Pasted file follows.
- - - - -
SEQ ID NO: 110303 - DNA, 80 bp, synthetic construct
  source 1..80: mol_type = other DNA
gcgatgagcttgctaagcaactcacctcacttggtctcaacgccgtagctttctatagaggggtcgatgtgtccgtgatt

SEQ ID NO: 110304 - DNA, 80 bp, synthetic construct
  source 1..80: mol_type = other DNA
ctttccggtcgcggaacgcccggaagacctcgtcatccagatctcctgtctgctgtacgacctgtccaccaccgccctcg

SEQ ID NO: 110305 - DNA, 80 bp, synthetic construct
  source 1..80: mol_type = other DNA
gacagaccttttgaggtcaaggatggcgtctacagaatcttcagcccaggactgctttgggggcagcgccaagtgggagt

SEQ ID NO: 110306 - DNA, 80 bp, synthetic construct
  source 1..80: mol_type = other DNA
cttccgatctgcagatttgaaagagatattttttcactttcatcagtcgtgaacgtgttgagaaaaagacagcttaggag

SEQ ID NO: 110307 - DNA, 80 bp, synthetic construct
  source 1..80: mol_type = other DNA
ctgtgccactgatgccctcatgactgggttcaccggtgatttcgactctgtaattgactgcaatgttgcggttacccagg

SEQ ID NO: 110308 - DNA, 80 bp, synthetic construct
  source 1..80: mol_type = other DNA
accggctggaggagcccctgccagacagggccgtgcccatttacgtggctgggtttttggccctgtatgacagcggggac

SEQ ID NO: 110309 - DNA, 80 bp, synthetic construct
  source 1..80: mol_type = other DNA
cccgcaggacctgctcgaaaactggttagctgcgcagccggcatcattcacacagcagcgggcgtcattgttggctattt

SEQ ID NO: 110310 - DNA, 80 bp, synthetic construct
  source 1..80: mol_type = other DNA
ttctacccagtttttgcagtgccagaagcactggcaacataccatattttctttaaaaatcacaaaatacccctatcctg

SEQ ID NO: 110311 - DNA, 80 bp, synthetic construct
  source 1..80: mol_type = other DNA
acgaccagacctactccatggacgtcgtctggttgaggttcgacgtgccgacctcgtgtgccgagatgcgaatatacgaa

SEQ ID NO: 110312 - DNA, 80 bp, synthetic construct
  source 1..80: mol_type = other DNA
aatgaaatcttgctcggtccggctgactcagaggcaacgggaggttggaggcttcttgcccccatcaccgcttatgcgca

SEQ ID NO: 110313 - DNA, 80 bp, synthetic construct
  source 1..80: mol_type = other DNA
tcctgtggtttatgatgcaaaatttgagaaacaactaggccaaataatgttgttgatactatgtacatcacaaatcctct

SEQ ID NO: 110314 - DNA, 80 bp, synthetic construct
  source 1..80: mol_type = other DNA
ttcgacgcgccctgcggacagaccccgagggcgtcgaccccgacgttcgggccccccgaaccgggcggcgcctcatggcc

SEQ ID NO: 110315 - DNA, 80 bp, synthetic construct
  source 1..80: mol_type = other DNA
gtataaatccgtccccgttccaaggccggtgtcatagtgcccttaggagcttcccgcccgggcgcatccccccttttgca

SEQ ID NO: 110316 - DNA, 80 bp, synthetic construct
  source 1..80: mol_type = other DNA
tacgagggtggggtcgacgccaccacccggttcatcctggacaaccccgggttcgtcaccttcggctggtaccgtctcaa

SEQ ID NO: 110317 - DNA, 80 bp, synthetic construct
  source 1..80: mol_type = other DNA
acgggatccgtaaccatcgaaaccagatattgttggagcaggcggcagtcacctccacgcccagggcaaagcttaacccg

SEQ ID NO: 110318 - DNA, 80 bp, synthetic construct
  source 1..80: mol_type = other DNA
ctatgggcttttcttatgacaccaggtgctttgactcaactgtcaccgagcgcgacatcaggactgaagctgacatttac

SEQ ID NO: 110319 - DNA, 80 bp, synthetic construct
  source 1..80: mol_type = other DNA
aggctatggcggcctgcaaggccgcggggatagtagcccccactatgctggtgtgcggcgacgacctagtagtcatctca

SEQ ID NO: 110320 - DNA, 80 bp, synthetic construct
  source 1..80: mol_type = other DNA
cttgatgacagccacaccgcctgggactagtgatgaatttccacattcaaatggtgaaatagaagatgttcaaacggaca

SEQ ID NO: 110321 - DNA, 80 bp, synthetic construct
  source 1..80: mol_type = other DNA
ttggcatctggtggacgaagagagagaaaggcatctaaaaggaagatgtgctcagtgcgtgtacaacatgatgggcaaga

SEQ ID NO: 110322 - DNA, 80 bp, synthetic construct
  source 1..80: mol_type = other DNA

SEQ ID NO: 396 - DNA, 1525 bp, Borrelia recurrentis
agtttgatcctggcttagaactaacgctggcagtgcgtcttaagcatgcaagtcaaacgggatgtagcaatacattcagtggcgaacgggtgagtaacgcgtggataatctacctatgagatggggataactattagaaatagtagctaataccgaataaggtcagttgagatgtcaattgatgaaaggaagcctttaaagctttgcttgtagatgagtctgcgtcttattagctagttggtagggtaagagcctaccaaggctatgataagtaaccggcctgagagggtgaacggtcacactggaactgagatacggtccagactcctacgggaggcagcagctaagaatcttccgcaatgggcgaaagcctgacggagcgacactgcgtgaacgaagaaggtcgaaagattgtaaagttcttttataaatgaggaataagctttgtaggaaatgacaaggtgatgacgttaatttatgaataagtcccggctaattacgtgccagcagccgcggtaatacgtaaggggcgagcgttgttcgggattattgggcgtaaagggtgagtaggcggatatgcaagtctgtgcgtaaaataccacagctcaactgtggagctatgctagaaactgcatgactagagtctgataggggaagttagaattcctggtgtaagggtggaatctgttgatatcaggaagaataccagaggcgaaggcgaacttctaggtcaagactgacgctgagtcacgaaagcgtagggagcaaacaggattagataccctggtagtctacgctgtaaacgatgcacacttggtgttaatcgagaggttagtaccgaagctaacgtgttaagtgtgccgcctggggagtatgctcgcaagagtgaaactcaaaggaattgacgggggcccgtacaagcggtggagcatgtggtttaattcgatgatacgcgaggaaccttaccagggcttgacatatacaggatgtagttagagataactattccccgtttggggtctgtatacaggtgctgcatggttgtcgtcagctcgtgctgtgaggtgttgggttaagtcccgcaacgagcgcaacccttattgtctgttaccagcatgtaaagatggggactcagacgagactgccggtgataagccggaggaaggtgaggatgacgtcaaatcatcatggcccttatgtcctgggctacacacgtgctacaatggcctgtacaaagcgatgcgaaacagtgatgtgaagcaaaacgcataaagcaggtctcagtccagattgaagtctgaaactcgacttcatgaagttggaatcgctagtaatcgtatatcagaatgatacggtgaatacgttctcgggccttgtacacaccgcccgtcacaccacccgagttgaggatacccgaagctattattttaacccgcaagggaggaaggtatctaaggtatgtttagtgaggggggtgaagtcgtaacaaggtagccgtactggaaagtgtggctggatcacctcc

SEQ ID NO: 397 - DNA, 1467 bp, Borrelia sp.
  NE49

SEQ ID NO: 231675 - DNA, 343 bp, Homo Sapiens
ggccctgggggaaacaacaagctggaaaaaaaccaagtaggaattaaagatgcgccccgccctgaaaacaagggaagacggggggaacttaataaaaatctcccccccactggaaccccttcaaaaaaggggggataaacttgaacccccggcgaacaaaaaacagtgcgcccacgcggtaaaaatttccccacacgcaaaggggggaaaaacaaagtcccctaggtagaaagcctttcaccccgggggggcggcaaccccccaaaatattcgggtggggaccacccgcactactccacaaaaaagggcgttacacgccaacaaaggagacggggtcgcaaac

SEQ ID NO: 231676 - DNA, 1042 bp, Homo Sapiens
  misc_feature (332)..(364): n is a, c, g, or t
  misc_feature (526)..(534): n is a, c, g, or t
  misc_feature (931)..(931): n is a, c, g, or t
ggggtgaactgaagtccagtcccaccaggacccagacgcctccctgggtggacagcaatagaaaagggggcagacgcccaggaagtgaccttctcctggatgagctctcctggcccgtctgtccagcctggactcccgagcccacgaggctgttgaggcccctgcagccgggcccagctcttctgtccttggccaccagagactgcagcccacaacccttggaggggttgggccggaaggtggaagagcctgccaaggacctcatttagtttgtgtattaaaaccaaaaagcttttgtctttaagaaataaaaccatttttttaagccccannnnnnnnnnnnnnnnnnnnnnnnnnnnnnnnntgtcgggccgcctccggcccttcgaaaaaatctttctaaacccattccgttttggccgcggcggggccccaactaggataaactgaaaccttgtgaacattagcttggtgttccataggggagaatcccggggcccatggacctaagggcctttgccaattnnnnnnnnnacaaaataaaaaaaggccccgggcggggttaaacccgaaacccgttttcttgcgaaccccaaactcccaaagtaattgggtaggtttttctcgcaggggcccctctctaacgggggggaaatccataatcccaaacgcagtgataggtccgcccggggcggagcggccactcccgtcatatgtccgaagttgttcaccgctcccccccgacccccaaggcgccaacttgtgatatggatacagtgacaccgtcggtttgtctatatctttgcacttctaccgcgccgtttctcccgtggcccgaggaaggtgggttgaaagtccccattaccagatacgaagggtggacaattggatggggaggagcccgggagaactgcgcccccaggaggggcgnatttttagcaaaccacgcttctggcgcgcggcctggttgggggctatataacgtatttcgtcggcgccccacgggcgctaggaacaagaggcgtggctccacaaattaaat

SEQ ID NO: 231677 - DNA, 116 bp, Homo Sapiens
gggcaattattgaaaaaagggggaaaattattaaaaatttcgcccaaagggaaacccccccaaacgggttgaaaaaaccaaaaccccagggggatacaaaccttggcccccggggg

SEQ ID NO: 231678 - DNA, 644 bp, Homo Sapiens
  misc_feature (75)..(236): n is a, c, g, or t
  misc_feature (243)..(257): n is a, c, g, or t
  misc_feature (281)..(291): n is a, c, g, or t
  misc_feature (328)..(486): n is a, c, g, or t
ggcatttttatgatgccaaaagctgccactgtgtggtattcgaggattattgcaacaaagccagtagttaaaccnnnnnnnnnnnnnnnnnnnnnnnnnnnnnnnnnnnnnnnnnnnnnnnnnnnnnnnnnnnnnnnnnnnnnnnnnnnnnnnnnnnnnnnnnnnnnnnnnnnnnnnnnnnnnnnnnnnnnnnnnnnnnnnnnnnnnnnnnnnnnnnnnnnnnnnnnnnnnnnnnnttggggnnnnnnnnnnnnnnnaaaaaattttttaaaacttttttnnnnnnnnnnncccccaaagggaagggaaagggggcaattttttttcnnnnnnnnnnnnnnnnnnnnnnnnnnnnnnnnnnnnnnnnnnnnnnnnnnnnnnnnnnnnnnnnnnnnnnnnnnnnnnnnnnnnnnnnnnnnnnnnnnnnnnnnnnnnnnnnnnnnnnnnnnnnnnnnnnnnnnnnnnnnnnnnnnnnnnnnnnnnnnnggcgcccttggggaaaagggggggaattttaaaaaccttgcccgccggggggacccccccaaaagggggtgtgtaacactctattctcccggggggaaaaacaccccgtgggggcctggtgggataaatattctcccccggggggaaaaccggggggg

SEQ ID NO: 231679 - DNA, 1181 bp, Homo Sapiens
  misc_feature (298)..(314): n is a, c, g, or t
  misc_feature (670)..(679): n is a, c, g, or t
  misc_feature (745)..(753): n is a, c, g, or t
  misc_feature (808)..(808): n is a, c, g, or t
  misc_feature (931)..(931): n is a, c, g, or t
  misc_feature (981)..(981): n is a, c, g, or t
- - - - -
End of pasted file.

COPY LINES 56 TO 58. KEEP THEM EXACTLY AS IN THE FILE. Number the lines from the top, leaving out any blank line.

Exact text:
  source 1..80: mol_type = other DNA
ttggcatctggtggacgaagagagagaaaggcatctaaaaggaagatgtgctcagtgcgtgtacaacatgatgggcaaga

SEQ ID NO: 110322 - DNA, 80 bp, synthetic construct